• The Orlando Weekly took note of a planned fanfiction reading. "Love it or hate it, fan fiction has become one of the most popular literary forms of the 21st century. Hordes of scribblers of wildly varying talent regularly post hundreds of thousands of unauthorized expansions of various fandoms to sites like AO3 or FanFiction.net. Some fanfic writers even get published after doing a search-and-replace of proper nouns and we all suffer for it (*cough*Fifty Shades*cough*). So of course local literary kingpins Jesse Bradley of There Will Be Words and John King of 'The Drunken Odyssey' have teamed up to, uh, celebrate the genre."

    What have you seen that best expresses the love of fandoms? Write about it in Fanlore! Contributions are welcome from all fans.

    We want your suggestions! If you know of an essay, video, article, podcast, or link you think we should know about, comment on the most recent OTW Fannews post. Links are welcome in all languages! Submitting a link doesn't guarantee that it will be included in a Fannews post, and inclusion of a link doesn't mean that it is endorsed by the OTW.

  • OTW Fannews: Fanfic From Past to Present

    By thatwasjustadream on dimanche, 9 August 2015 - 5:01pm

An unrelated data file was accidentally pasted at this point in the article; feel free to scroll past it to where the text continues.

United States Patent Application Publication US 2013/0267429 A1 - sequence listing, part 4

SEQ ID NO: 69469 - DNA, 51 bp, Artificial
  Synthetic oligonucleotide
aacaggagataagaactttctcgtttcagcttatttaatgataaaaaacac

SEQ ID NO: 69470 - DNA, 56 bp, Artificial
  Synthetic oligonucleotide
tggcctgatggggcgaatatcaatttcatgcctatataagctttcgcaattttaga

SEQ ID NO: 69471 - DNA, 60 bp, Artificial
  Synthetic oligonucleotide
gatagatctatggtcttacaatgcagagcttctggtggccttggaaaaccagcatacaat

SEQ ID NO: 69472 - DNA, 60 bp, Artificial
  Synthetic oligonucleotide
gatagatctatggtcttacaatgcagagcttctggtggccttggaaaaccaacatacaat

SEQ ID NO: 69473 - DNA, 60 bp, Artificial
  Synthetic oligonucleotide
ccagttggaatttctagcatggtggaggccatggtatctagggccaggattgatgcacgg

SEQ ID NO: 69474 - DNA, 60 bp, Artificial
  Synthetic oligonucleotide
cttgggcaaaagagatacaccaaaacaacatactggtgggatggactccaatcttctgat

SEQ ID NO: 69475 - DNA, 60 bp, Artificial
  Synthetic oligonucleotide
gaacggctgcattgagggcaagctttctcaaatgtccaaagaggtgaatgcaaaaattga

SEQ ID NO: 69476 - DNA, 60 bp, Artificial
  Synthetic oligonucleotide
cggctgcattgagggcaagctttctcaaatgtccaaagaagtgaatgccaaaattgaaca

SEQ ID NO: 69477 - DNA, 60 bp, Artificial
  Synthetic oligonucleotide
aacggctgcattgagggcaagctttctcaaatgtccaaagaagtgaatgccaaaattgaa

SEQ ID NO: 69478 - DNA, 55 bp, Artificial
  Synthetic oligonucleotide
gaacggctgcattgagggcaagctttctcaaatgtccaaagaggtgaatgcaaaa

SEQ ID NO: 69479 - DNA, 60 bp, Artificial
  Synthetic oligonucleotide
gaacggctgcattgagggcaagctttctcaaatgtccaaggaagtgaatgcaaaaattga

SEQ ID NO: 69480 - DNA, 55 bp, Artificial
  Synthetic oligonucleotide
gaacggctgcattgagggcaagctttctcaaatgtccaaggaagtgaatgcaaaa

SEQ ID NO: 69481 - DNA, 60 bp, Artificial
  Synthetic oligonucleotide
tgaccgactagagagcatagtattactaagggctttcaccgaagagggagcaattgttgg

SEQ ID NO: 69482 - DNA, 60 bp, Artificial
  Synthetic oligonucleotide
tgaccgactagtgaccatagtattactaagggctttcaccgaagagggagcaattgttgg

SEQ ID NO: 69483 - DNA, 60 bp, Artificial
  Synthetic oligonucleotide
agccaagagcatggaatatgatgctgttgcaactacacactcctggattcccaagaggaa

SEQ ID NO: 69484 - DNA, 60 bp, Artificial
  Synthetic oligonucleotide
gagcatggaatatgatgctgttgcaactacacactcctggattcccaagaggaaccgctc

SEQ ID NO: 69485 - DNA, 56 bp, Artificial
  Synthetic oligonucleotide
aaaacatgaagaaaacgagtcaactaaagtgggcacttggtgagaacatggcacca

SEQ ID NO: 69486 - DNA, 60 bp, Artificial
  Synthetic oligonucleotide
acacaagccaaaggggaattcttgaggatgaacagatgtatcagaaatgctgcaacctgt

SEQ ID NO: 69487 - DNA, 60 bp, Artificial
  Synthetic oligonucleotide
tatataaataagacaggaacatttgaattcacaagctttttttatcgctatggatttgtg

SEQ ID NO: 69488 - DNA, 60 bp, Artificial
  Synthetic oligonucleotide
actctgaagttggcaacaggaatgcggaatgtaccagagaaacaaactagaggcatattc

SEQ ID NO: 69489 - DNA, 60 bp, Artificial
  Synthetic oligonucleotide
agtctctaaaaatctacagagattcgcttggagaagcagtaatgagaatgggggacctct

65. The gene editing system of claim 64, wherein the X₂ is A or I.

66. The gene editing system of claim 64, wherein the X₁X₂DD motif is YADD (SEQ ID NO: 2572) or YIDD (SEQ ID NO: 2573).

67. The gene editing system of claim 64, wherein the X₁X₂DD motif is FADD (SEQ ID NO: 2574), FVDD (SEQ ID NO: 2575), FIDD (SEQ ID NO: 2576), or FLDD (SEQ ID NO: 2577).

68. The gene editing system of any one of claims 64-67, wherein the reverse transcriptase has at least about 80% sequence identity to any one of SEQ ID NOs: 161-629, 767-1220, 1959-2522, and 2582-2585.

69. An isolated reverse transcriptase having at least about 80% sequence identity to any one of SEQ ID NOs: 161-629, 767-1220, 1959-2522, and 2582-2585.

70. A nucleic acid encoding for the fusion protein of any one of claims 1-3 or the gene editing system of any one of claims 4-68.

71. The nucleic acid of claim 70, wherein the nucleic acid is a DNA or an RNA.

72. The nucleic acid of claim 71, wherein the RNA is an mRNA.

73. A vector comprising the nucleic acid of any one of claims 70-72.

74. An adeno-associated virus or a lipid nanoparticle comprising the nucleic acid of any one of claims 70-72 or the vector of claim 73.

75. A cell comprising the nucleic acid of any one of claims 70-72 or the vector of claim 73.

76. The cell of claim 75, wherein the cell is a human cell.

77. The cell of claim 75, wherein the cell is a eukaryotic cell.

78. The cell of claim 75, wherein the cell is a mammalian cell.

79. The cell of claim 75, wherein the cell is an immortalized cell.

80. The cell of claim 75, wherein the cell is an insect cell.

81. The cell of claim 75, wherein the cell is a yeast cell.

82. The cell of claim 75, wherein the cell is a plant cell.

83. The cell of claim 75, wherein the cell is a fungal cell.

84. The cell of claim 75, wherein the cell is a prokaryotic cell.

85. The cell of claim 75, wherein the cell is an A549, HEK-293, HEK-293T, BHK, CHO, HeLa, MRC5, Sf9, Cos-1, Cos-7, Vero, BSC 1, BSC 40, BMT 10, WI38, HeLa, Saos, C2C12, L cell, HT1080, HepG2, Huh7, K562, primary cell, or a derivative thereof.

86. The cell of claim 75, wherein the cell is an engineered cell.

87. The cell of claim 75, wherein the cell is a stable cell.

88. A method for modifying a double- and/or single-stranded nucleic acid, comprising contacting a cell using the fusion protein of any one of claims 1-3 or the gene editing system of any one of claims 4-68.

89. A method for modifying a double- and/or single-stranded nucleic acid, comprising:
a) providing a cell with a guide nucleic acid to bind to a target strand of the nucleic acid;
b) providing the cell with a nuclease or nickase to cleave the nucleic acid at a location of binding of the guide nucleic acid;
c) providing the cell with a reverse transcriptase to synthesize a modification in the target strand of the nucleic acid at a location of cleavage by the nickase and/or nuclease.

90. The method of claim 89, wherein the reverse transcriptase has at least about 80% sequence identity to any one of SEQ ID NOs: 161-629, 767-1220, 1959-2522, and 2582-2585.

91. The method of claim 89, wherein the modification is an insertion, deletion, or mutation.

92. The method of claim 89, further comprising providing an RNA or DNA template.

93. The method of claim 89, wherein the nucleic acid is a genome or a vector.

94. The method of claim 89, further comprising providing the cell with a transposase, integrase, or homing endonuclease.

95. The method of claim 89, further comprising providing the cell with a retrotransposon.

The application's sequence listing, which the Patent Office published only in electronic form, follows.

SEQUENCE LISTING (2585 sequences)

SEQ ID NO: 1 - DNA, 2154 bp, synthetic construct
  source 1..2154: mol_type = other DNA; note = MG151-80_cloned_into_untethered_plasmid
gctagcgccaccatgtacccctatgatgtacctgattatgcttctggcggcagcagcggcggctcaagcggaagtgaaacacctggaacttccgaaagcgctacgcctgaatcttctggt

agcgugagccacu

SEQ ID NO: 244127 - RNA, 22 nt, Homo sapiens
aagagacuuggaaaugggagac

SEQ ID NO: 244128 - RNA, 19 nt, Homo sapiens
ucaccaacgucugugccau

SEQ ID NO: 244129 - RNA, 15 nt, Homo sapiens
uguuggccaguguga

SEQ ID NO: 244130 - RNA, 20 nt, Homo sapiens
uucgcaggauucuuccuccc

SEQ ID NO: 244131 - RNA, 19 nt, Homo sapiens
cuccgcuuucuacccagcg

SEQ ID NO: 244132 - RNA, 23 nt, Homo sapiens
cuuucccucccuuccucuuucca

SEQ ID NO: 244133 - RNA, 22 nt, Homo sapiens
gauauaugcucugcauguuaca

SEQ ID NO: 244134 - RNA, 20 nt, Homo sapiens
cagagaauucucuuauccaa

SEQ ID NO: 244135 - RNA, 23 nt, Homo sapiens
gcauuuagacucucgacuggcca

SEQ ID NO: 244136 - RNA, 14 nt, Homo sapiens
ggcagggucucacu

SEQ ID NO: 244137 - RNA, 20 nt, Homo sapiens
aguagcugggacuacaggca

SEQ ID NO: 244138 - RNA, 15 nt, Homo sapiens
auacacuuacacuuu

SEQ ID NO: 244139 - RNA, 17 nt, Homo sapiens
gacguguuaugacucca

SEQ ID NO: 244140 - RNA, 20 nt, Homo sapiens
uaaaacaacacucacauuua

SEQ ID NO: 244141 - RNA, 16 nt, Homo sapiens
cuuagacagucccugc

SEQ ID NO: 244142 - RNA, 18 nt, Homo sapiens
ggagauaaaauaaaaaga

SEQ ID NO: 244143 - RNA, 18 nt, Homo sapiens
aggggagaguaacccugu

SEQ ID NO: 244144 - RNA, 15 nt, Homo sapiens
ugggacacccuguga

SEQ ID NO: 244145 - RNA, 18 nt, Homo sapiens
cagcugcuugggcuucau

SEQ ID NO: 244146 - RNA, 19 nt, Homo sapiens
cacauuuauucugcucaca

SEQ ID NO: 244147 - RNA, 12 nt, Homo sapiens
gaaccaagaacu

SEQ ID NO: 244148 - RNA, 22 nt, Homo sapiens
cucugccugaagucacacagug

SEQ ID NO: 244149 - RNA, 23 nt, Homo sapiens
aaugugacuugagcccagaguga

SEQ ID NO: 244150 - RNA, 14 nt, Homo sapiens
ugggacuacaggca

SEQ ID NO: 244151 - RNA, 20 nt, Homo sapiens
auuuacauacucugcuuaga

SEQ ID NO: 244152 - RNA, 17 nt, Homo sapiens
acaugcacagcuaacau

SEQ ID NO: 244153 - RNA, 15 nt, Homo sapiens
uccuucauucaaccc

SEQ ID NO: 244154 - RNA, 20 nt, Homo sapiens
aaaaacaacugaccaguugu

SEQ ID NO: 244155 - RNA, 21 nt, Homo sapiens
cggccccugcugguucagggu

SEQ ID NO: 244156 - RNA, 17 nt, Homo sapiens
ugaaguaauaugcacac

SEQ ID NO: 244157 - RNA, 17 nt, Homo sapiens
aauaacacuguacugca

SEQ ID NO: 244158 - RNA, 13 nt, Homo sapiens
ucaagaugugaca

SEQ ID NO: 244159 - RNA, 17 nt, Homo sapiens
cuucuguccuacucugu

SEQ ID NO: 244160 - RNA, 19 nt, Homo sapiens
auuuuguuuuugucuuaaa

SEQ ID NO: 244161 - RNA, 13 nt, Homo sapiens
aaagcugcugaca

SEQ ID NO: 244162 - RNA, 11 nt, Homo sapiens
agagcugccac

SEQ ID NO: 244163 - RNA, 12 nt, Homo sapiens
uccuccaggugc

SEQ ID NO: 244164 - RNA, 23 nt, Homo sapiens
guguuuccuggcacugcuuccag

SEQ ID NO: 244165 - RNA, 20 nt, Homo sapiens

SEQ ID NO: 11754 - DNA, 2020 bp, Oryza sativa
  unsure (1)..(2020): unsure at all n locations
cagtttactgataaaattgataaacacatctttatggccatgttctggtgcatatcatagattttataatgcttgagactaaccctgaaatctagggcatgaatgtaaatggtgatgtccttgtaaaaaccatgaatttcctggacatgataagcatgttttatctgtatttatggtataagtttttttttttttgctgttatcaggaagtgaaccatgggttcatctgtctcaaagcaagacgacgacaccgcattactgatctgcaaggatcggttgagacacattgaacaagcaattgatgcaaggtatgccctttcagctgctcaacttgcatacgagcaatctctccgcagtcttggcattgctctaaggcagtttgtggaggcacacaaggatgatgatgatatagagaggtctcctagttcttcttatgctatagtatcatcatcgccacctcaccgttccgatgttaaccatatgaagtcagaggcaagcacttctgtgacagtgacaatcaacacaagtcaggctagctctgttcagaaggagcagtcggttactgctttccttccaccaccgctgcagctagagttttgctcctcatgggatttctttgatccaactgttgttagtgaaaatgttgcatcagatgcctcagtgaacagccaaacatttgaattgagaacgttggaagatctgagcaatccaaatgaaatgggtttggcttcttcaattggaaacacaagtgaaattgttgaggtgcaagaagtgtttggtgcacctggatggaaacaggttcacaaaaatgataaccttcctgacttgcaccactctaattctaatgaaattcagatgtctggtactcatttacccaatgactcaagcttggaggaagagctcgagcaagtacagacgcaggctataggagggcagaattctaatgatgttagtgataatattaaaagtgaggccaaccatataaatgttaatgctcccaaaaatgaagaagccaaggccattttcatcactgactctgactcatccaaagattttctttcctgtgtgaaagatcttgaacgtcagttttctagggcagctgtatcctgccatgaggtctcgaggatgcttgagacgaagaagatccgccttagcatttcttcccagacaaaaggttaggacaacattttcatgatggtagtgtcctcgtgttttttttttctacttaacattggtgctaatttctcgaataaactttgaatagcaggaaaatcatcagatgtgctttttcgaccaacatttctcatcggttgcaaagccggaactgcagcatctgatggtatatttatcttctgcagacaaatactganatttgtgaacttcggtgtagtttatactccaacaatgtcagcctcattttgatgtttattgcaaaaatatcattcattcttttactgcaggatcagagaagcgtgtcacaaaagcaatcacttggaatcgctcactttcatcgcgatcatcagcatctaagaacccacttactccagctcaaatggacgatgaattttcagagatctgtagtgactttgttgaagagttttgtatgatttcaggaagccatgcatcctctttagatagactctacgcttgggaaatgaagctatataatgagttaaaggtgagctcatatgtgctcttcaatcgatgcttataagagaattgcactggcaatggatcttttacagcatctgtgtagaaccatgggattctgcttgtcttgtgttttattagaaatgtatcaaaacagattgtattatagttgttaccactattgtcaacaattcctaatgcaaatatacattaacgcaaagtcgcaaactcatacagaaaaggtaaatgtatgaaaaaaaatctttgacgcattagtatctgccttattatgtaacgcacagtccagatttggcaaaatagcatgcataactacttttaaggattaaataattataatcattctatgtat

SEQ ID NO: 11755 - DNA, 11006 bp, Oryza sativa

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    image of many hand-drawn hourglasses lying in a pile at various angles, with the word OTW Fannews, fanfic from past to present on the right hand side

    • Library Journal wrote about the OTW's partner library at the University of Iowa. They have begun digitizing fanfiction. "High acid paper is flaking and finely rendered illustrations are fading, and with them, the records of thriving fan communities stretching back as far as the 1930s, predating heated debates over Kirk vs Picard by decades. These communities were as lively as any message board conversation or LiveJournal debate...'This is not an overview or analysis of science fiction; these are the very objects that built it, publications made by fans for fans, in basements and living rooms across the world—this is the material history of the genre...Science fiction is an immense tapestry, and all of these publications must be recognized as threads in order to better understand the whole picture.'”